Cliff Hague

Cliff is a freelance consultant, researcher, author and trainer. He was the Chair of the Cockburn Association 2016 – 2023.

He is Professor Emeritus of Planning and Spatial Development at Heriot-Watt University in Edinburgh.

He is a Past President of the Royal Town Planning Institute, and of the Commonwealth Association of Planners.

He is a past Chair of Built Environment Forum Scotland.

He was awarded the O.B.E. in the 2016 Birthday Honours.

Books

Some articles fromall categories:

Urban post-2015 UN sustainable development goal update

Posted September 26, 2014 by cliffhague The ‘urban’ goal remains in the list that the UN general assembly is considering this week. As long as it gets through, then adoption next year should be a formality, unless some country really wants to make an issue about it. As not much information is available about this, and it is an issue…

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How will Brexit affect Ireland?

This blog was first posted in September 2017. The EU has rightly made the issue of Ireland a central element of the Brexit negotiations. What might be the territorial  impact of creating an external border between Ireland and Northern Ireland? A cross-border conference in Dundalk, organised by RTPI, brought a sharp focus on the challenges…

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Listen to the “Rural Voice”

“The planning system has a significant role in supporting sustainable economic growth in rural areas.” This statement is from the Scottish Government’s Planning Policy. However, planning decisions in rural Scotland can often be very controversial, as Cliff Hague explains in his new blog post.  2013-02-05  There are a range of development pressures on the Scottish…

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The Digital Archipelago: The Saviour of the Greek Economy

This Guest Blog by Emeritus Professor Klaus Kunzmann proposes a radical approach to Greece’s economic difficulties By Klaus Kunzmann Enough gloom and doom When reading all the gloomy stories about Greece, I have learnt much about banks and financial institutions, about the imperatives of debt reductions, about the growing conflict between the German culture of order…

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An unlikely City of Culture

Cliff Hague, Professor Emeritus, urban and regional planner, academic, theorist and author of the ICN blog recently went to Cyprus where he visited Paphos, European City of Culture 2017. But according to Cliff Hague Paphos is a rather unlikely City of Culture. One that is worth to have a closer look at. 2012-12-07 I am…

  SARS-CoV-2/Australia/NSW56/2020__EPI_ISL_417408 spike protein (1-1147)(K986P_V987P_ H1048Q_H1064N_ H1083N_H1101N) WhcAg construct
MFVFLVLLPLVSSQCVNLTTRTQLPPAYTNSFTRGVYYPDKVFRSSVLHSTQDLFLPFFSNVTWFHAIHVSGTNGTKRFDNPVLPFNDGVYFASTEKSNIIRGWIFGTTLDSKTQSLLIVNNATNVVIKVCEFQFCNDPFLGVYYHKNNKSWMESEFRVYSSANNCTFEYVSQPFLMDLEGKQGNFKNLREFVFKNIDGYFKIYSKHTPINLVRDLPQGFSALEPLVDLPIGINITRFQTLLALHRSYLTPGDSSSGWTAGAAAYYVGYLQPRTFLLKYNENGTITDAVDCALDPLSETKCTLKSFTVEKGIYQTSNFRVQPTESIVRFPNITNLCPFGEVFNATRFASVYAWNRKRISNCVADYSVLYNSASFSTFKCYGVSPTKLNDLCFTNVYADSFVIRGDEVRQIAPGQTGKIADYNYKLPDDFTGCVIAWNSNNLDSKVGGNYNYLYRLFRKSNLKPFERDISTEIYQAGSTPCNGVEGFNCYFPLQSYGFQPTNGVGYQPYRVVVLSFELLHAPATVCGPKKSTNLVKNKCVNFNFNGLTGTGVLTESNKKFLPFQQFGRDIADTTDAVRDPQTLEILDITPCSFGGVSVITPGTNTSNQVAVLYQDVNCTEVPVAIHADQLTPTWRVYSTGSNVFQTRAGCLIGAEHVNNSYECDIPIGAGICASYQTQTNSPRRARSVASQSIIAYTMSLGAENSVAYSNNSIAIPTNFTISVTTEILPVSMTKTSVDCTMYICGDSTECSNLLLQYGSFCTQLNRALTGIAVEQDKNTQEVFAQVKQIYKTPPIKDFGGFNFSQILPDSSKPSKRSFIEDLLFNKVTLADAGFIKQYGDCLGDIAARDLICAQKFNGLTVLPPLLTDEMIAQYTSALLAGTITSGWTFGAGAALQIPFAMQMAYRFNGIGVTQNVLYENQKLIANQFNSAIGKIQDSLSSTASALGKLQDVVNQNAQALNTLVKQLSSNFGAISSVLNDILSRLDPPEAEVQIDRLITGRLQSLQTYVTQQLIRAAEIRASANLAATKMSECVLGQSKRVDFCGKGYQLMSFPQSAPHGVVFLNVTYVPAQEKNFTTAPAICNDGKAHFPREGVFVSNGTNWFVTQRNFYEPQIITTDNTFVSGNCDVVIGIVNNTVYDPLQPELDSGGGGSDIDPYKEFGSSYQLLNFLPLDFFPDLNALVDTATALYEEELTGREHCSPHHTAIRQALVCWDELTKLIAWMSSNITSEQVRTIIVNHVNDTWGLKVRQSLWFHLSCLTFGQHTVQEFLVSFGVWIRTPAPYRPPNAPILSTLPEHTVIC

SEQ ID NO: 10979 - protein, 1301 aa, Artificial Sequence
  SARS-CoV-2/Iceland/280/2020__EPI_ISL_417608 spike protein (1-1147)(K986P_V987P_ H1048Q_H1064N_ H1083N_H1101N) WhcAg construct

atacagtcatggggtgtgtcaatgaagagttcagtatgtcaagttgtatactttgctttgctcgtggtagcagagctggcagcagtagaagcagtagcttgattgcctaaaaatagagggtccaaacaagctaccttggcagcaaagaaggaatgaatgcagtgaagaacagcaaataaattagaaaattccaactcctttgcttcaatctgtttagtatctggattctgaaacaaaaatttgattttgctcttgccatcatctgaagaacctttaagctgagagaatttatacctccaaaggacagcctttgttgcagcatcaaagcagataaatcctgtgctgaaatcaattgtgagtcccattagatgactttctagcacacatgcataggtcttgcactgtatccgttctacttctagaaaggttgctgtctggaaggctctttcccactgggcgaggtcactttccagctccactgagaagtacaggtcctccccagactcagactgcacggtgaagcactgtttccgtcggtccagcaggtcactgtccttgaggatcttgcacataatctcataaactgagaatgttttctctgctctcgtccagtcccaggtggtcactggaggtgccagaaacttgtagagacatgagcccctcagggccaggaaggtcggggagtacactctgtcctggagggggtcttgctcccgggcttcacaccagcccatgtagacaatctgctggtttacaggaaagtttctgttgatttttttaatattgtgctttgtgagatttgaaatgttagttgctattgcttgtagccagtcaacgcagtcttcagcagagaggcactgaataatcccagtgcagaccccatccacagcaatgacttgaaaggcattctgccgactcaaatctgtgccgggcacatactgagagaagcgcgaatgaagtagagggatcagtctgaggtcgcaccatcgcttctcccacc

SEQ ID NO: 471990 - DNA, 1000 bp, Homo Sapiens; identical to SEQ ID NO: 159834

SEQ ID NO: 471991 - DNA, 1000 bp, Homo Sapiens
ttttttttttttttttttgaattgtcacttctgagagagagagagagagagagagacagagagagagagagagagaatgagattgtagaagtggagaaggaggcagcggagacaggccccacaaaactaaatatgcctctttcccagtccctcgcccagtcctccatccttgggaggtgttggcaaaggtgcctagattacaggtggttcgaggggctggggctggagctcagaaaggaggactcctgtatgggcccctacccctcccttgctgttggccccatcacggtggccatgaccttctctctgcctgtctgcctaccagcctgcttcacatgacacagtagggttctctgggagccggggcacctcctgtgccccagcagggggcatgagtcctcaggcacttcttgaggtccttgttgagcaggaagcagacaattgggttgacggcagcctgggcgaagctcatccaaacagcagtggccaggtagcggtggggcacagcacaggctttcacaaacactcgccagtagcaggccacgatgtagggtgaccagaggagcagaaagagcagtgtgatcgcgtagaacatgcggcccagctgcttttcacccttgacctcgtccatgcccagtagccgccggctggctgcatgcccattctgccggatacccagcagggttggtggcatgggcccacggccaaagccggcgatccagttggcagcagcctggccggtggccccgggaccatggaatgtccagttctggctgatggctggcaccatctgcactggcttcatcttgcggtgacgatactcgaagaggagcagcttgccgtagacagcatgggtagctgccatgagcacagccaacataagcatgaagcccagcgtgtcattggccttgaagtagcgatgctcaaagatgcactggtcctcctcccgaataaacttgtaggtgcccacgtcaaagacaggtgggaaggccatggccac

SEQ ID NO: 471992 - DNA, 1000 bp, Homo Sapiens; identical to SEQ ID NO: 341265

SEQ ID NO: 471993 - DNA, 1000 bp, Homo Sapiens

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How to make urban growth boundaries work

Keys to making urban growth boundaries work as a planning tool for controlling sprawl in US cities were identified in a session in the recent American Planning Association conference. Examples of urban growth boundaries were presented from Portland, Oregon; King County, Washington; and Denver. Messages were that the boundaries are flexible and negotiable; they succed…

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By Leaves We Live

How do you evaluate a landscape? It is a question that lies at the heart of decision-making on controversial developments in the countryside, such as wind farms or new highways. Since the 1970s landscape evaluation has become a very technocratic process, much to the frustration of many non-professionals who may care deeply about a place…

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Rural to urban migration in a different culture

This blog was first published on 27 February 2012, on the Innovation Circle network website. Happy New Year – the Chinese Year of the Dragon! Every Chinese New Year 130 million people in the world’s most populous country head back home to their villages for family celebrations. It is the world’s largest human migration and…

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Cross-border development – Learning from Newry-Dundalk

This blog was first posted on the Planning Resource website on 11 April 2011. Across the world, administrative boundaries, and particularly international borders, are blocks to economic development,  management of energy and conservation of natural resources. Rivers flow across frontiers, where flood prevention measures differ. National energy policies and grids constrain efficiency. Small towns split by a border…

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